Cursive: Tricks, tips, and Techniques

Round 2
Last time I blogged about the order to teach cursive. Here are some more tips and tricks that have helped us here this summer.

Journal prompts and lines.
I've made a journal for each of my children. Each Wednesday they get an extra page of cursive practice. I created and printed these off from this website.  I printed them in landscape, then folded them in half to have them bound in our journals.

Pens, Pencils, Markers
Make it fun to write. Have a designated spot for fun pens, pencils, or markers. I found smooth pens that write well to help ward off discouraged penmanship. The children love to write in different colors-it makes it fun.

Salt Writing
I bought several cans of cheap salt. No need to have it iodized. Keep it in a tupperware. I pour out a few cups on a tray. This is a good way to help them practice with worrying about correct slant or form.

Pangram Sentences
Ever wonder what those sentences were called that used every letter of the alphabet? Pangram sentences! Here is a link to some short sentences.

I'll post some more as we continue our journey to learn cursive this summer.


How to Teach Your Children Cursive

The problem was that I assumed. I assumed that my children would learn cursive at school-a place designed for learning things such as cursive.  To my chagrin my children were not taught cursive-their teachers were more concerned about teaching them test taking skills. They didn't have "time" to teach them this skill. This summer I wanted to make sure my children knew this important skill.
I've done a bit of research to help their learning process go smoothly.  If you are trying to figure out how to teach your children cursive too, and you don't want to spend a lot of money on workbooks I've got some ideas for you.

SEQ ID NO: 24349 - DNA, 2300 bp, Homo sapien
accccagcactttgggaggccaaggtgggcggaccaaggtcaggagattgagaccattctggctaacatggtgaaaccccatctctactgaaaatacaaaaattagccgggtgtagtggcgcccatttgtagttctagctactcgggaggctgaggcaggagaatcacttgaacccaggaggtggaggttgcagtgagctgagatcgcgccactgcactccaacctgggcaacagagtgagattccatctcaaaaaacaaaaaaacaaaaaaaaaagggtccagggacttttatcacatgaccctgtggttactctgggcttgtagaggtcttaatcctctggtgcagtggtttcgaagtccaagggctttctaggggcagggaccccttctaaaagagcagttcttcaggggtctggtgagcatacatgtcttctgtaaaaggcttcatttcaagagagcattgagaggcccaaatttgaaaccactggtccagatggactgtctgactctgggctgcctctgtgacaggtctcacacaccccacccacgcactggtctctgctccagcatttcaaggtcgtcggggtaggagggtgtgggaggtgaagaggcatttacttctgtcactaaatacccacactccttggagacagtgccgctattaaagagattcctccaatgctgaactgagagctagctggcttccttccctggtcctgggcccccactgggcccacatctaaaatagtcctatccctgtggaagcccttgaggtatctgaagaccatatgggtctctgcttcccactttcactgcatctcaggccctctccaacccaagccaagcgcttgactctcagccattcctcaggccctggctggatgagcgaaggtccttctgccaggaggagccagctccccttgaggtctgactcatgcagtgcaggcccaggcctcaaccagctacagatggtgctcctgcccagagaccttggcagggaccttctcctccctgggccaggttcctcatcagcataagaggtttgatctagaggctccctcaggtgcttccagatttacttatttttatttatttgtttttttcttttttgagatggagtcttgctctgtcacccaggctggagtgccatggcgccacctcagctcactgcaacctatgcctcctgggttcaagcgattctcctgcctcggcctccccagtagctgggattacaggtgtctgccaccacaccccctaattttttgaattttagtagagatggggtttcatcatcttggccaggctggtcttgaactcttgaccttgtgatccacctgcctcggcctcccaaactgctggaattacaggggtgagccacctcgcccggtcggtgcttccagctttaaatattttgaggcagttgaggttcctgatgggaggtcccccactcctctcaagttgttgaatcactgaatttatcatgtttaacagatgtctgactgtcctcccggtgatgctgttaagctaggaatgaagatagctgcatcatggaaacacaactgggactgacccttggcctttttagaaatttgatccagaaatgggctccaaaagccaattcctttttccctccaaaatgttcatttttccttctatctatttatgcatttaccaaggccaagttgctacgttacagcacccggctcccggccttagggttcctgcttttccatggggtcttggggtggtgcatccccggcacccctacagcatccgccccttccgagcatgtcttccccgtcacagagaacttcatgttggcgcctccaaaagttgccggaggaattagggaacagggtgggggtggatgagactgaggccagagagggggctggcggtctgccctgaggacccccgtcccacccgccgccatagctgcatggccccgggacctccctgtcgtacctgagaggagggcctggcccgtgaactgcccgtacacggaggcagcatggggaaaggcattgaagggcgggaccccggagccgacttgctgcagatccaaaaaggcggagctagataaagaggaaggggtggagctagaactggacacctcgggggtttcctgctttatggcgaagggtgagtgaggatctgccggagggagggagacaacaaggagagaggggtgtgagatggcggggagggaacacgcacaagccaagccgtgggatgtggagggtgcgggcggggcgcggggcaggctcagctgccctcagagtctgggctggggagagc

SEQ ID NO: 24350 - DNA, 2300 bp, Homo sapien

First, do NOT teach cursive in alphabetical order! So many workbooks and online printables start this way. It will make cursive frustrating for all.  Here's where to start:

Print off a few blank worksheets. I found these worksheets to be great

Upstroke: show a basic upstroke. Start at the bottom of the solid line and go up. Google cursive upstroke to get a lot of images to show your child.

Downstroke: from an upstroke pull the pen down to from a down stroke. Think of the letter L-first your do an upstroke, then you pull the pen down to form your loop.

Day 1: Teach upstroke, downstroke, letters e,l show how to form a good loop-oval not a circle

Day 2: letters u, i, t  no loops, remember to dot and cross after the entire word is written

Day 3: letters c, a, d.  Show how to make a wave, help them remember each letter has an upstroke to start and a tail to end. The letter "d" goes all the way to the ascending line

Day 4: letters n, m. Children love these letters. 

Day 5: letters h, k. The loop connects higher than the l. Go over the k carefully. Show them how it relates to a printed k.

Day 6: letters f, q. This is the first time they will use the descender line. Help them with the q, it is hard sometimes to remember the loop is on the right. They may write a g a few times.

Day 7: letters g, p, j. More descending letters. They will have fun with all the words they can write now.

Day 8: letters y, z. Z is probably the most complicated one today. 

Day 9: letters r, s, x. These are important letters and require precise line placement. An R without a sharp point and look like an n. A sloppy S can look more like an O.

Day 10: letters b, w.  These letters are different because their tail comes off at the top of the letter. Take time to show how these letters connect to others. 

Day 11: letters o, v. Just like day 10, these letters connect differently.

Now your child can write the entire alphabet.  You can teach them capital letters in a similar order or go with alphabetical. I would start with the capital letter of their first name.

Next up...trick and techniques that have worked well for us.


Patriotic Pillows

I love to decorate for the 4th of July! A week or two ago I was at World Market. Towards the front of the store they had a display of fun patriotic things. I bought some red and white pasta in shapes of the flag, liberty bell, and such. They also had some napkins in red, white and blue. The napkins come in a 20x20 inch square-which is exactly what size I need for a pillow cover for the pillows on my couches.
I bought enough to make three different pillows, then used the zippers I had on hand. Twenty minutes later I had three patriotic pillow covers.
My couch went from this...
 To This!
 Here's a close up.
 Each pillow is sewn just a little differently.
 The red white and blue napkin has a frayed edge, I made sure the edge was showing.
On the blue and white pillow I followed the hem line, it made the pillow have a decorative edge.
The red pillow was your basic pillow-sewn inside out, the turn out and press and done.

Have a great 4th of July!
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